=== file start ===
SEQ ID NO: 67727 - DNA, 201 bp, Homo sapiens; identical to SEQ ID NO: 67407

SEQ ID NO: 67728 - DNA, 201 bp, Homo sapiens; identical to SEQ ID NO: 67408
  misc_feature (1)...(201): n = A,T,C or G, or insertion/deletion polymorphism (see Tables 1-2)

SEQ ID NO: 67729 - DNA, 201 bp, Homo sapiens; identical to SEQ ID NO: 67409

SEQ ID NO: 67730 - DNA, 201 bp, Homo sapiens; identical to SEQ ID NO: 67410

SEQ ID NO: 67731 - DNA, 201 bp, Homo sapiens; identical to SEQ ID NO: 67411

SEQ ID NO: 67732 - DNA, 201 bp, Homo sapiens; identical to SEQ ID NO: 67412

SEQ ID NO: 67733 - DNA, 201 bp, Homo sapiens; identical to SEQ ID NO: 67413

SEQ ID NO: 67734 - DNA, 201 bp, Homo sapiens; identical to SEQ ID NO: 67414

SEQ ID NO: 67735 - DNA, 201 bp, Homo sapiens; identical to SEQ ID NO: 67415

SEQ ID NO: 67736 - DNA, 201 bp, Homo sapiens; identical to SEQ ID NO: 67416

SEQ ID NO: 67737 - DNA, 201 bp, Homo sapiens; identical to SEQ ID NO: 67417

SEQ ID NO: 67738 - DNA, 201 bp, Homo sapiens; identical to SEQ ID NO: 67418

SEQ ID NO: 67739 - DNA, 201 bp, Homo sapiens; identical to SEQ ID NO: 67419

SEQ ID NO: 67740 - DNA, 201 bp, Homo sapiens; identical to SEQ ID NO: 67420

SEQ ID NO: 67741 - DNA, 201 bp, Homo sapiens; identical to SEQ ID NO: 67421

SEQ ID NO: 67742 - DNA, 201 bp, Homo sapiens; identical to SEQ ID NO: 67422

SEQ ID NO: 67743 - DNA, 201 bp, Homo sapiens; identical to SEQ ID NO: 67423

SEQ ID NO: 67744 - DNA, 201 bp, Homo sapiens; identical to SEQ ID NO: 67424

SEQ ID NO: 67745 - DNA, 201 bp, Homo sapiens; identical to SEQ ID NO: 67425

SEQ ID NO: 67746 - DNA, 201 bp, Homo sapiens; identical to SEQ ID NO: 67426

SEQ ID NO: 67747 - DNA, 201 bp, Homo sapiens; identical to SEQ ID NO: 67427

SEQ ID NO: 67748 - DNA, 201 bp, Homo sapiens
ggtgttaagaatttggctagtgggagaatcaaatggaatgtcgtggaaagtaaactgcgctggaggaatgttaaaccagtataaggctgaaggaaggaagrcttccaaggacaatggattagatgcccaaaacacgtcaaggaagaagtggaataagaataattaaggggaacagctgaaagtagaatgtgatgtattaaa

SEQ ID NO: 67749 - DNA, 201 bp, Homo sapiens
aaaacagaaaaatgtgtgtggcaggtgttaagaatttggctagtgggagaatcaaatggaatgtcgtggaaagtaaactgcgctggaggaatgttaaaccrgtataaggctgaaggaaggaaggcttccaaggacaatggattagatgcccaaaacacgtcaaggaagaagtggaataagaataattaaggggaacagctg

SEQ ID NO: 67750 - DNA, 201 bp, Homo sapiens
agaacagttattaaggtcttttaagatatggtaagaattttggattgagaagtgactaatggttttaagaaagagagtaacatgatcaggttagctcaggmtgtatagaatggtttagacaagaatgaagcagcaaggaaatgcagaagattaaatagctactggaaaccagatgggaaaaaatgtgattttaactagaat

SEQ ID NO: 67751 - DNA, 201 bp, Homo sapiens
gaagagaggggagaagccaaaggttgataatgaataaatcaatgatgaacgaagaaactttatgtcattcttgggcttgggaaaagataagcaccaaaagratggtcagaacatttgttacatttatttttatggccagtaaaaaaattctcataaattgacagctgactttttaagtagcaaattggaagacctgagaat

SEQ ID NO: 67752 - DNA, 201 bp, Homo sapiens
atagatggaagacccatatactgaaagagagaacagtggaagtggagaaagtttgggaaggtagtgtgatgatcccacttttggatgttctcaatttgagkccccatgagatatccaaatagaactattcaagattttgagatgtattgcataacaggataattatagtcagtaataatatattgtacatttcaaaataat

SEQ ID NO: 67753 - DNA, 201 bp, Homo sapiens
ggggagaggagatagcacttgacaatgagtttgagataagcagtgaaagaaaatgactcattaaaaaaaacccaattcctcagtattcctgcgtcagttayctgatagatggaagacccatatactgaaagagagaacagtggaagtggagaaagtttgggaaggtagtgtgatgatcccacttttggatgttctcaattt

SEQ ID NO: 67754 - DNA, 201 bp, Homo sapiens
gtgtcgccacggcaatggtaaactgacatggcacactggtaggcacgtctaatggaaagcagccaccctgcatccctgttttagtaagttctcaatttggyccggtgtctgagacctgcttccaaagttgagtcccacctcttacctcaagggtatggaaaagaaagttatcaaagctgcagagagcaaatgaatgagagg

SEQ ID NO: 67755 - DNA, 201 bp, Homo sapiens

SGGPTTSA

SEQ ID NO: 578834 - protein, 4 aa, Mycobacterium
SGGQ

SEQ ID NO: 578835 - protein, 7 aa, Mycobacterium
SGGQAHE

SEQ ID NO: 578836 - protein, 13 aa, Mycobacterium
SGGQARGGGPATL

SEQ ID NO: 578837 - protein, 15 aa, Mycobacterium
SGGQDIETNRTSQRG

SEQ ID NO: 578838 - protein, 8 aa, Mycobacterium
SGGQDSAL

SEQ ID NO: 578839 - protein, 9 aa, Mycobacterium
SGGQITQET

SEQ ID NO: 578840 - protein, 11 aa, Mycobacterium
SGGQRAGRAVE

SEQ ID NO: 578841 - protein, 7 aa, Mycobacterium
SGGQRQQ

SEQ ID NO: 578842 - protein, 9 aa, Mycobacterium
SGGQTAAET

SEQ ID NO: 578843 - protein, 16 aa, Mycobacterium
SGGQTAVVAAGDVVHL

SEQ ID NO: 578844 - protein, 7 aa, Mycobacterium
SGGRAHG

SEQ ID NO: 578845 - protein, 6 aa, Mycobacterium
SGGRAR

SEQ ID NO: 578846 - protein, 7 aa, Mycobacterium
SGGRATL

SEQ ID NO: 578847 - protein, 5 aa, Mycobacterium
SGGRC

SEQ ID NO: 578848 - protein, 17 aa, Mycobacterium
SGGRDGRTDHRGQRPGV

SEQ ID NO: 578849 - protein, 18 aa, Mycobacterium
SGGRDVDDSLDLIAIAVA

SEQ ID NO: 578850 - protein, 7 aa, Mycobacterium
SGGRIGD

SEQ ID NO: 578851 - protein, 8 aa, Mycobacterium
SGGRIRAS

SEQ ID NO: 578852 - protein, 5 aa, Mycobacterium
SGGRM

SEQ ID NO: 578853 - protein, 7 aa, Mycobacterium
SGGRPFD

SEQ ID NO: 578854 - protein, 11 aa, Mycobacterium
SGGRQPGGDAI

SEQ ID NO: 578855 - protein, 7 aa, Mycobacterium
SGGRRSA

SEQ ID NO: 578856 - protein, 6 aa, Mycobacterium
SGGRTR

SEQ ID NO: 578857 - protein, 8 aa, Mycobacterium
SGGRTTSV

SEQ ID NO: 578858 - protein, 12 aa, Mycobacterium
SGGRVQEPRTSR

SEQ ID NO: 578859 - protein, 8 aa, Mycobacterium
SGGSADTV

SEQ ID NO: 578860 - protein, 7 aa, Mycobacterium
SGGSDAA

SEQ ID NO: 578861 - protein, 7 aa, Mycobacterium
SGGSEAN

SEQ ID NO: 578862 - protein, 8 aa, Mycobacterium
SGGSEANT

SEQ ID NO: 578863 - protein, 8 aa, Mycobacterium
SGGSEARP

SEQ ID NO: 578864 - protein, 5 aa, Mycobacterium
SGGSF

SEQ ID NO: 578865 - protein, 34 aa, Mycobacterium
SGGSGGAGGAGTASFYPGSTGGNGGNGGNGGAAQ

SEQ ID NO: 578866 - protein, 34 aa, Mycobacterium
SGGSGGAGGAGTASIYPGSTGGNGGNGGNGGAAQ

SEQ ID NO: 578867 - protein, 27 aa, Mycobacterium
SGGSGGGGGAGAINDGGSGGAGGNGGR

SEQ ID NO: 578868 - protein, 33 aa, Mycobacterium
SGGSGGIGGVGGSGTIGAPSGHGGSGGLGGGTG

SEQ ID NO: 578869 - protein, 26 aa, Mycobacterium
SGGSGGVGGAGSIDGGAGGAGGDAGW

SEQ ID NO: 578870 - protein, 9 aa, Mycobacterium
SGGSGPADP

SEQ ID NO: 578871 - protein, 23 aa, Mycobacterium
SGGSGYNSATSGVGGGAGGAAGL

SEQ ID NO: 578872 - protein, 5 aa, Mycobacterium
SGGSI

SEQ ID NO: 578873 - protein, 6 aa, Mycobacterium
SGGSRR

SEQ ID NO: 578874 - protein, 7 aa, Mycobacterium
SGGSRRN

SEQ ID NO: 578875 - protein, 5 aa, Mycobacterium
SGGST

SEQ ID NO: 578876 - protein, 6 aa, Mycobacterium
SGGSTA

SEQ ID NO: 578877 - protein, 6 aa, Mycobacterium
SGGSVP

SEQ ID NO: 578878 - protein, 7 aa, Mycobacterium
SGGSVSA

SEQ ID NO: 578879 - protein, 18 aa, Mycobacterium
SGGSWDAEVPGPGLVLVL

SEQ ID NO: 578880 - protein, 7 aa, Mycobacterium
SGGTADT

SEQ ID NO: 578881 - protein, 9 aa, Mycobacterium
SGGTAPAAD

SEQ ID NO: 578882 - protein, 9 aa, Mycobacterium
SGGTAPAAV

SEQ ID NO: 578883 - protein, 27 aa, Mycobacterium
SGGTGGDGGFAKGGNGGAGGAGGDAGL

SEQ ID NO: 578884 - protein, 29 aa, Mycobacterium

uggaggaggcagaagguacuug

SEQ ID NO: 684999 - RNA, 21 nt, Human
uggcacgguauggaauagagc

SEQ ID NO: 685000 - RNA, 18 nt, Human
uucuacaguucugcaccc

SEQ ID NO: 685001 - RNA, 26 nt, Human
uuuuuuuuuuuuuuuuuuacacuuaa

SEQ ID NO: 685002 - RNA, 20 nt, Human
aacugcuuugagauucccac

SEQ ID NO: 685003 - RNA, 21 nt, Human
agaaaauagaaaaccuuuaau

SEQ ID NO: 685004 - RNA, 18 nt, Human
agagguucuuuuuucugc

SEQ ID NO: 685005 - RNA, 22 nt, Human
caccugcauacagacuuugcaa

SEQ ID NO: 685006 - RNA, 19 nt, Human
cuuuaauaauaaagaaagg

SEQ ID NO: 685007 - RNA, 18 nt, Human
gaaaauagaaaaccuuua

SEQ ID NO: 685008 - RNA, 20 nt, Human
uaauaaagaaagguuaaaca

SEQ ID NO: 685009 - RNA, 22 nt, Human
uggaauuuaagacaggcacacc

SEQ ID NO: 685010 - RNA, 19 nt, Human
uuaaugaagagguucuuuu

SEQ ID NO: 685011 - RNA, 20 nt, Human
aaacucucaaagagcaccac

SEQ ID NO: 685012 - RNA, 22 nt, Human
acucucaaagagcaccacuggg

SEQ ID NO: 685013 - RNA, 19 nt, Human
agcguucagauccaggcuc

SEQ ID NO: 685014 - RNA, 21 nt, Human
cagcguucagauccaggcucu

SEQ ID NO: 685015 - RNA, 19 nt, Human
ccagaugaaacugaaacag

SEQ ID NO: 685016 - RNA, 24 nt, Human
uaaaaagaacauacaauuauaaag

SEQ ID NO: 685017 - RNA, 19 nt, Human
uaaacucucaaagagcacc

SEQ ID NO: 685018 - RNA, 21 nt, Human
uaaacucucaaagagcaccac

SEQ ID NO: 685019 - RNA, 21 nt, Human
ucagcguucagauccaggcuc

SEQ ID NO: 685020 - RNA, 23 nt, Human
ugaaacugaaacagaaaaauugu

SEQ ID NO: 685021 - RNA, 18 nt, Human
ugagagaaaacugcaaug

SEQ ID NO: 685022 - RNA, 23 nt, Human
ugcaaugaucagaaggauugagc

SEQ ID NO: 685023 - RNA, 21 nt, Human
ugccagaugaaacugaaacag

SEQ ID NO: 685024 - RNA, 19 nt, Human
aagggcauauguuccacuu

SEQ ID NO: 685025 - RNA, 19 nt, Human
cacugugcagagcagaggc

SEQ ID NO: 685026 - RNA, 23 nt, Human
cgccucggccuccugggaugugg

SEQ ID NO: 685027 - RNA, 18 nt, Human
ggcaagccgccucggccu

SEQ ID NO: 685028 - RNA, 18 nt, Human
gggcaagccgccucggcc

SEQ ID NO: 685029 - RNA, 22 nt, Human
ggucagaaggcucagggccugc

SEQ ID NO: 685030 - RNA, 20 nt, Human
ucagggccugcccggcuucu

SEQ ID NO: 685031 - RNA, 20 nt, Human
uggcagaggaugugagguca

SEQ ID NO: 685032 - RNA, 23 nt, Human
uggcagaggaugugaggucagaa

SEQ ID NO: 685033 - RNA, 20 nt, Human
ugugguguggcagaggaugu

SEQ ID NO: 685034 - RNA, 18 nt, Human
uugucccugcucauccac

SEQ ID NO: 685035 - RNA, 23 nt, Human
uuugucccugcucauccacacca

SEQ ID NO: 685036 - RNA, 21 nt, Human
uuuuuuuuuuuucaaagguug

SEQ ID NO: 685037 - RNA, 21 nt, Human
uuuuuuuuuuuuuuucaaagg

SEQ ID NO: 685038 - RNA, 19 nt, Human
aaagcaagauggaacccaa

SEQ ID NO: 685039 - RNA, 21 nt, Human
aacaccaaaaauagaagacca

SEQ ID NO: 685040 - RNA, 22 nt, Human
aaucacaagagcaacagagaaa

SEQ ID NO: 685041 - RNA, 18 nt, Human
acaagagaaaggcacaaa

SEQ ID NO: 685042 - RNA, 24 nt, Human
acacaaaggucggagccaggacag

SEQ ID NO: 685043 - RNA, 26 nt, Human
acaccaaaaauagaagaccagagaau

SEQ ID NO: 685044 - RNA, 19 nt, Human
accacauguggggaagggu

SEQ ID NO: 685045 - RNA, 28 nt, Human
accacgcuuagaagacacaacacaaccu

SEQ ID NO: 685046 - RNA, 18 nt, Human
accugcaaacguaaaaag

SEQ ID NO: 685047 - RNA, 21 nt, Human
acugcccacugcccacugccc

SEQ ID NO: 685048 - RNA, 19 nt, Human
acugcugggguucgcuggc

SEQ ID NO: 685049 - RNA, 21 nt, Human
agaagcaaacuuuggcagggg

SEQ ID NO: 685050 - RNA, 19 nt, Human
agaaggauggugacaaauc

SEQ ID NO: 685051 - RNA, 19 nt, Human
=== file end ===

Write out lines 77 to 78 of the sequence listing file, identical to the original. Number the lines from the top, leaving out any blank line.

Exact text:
SEQ ID NO: 578853 - protein, 7 aa, Mycobacterium
SGGRPFD